Have you ever been in a boodle fight? No, not like the violent Pacquiao-Algieri boxing fight last weekend, but the this-is-so-not-fine-dining-but-that’s-fine-because-the-food’s-hella-delicious military-style dining experience that’s becoming ever popular nowadays in the Philippines.
The boodle fight was first practiced in the Philippine Military Academy (PMA), wherein traditional Filipino food is prepared following joint military exercises or to welcome visiting politicians or high-ranking officials. Instead of the food being served in separate dishes, everything is laid out on banana leaves for everyone to “attack” with their bare hands.
It has since gone a long way from solely being a Philippine military eating tradition to becoming a unique and festive part of the Filipino eating culture.
Many restaurants in the Philippines and everywhere else in the world where there are Filipino communities are now bringing the “boodle fight experience” to the public.
If you aren’t close to one, you can host your own boodle fight at home!
3 Ingredients To A Successful Boodle Fight Experience:
1. The People – Family and friends willing to pig out on delicious homemade Filipino food. This is the vital ingredient that makes the whole dining experience heartwarming and festive – eating with people you share a deep connection and friendship with. Do not invite people who gross you out (kidding here, but barely) because of ingredient number 2!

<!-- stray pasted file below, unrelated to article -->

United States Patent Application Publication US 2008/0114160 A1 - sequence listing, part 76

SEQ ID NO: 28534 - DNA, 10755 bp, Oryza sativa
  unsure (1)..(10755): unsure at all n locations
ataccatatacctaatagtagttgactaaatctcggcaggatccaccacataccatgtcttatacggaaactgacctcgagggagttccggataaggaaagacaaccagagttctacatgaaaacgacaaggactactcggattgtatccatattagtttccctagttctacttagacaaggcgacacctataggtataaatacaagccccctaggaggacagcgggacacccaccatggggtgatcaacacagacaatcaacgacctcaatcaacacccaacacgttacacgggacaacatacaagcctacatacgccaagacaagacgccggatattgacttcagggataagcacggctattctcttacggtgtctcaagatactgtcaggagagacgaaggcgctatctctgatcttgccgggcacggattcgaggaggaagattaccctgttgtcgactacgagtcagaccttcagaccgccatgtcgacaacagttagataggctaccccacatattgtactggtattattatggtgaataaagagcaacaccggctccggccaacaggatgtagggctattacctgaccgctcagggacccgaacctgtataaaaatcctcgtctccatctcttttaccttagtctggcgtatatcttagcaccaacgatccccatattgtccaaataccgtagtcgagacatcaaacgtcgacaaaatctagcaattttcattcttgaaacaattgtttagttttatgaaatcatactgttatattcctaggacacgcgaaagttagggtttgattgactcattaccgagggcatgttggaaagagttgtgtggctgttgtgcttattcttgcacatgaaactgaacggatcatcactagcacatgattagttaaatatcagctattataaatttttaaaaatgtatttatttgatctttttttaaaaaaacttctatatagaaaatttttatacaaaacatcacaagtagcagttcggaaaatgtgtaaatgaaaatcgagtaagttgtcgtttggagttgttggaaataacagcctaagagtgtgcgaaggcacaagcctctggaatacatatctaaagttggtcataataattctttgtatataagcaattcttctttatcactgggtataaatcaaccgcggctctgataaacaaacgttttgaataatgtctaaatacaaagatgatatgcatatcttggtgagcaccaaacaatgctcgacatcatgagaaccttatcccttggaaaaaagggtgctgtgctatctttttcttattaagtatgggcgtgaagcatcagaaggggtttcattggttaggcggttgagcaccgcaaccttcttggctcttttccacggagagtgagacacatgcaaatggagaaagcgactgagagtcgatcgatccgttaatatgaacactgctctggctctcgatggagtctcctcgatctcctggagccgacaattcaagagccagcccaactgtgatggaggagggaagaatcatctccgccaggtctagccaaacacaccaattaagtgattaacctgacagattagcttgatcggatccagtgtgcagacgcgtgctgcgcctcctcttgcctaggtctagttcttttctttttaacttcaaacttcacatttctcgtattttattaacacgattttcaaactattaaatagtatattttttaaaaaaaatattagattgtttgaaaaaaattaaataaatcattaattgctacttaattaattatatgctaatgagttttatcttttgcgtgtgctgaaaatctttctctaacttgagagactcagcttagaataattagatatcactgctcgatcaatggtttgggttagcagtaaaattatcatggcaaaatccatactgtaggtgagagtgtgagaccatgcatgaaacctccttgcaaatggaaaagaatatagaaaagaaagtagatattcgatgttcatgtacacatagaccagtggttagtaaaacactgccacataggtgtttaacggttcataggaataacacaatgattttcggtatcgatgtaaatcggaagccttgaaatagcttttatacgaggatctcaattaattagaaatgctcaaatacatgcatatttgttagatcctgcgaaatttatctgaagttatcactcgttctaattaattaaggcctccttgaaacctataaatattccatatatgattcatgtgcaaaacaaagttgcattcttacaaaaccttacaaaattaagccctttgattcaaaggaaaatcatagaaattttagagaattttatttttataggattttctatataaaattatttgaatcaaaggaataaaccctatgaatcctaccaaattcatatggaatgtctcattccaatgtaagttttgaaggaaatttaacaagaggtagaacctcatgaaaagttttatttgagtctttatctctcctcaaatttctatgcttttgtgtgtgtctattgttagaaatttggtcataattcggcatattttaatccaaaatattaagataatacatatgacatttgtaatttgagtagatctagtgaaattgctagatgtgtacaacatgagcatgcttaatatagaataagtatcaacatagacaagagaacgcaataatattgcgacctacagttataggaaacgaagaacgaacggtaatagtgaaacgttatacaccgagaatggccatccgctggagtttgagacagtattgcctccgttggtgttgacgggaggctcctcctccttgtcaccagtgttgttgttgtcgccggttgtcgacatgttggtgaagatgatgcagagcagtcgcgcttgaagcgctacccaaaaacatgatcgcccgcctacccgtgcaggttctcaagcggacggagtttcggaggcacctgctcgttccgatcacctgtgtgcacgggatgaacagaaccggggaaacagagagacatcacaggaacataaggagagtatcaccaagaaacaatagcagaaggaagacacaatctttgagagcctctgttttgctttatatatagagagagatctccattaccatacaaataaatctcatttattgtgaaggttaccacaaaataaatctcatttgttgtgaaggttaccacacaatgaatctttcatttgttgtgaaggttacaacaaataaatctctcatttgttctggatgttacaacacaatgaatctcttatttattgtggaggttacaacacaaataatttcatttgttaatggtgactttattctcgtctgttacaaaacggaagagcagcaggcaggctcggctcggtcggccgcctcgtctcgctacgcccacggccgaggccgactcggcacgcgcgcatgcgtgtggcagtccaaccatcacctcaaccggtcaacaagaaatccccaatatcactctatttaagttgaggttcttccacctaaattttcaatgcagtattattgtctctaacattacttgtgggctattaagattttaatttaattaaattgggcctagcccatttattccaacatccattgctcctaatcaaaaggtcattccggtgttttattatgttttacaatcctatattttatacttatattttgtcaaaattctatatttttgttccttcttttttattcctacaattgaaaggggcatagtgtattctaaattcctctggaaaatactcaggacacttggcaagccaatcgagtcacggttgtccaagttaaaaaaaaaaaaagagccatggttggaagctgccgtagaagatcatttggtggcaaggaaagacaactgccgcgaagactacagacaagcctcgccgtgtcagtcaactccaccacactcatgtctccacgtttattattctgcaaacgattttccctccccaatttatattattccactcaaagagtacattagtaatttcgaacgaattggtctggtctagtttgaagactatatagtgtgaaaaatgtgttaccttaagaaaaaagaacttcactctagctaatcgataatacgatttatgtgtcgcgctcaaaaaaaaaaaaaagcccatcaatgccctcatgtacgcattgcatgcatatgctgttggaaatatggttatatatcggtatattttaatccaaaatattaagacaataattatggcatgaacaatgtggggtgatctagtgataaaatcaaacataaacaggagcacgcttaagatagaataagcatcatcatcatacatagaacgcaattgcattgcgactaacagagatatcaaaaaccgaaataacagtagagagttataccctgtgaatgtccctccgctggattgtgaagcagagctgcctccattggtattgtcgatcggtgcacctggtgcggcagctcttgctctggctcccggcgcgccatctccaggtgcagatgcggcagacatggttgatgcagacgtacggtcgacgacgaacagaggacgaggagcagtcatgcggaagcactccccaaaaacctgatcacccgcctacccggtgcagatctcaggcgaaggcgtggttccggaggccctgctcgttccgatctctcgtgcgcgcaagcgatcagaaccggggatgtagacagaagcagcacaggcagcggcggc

2. The Eating with Bare Hands – This is what truly makes the boodle fight exciting and uniquely Filipino. Remember, in a boodle fight, there are no plates, spoons and forks. People will be eating with their bare hands, and food that doesn’t go into their mouth falls back to the uneaten pile of food on the table.
This may be a turn off to some, but it is what makes the boodle fight an experience of camaraderie, fraternity, and equality.
3. The Food – No boodle fight is complete without rice. Whether it’s plain rice, java, or garlic rice, it’s a must-have on the table. There are no holds barred when it comes to the viands. Some of the most common ones include lechon, grilled chicken, fish, squid or pork, shrimp, kinilaw, salted egg, pancit, lumpia, crabs, and almost any traditional Filipino viand. Of course, don’t forget your sauce or sawsawan.
I had my first boodle fight early this year and I can say it was one of my best dining experiences to date. How about you? Have you been in a boodle fight? How was it? Let me know in the comments below!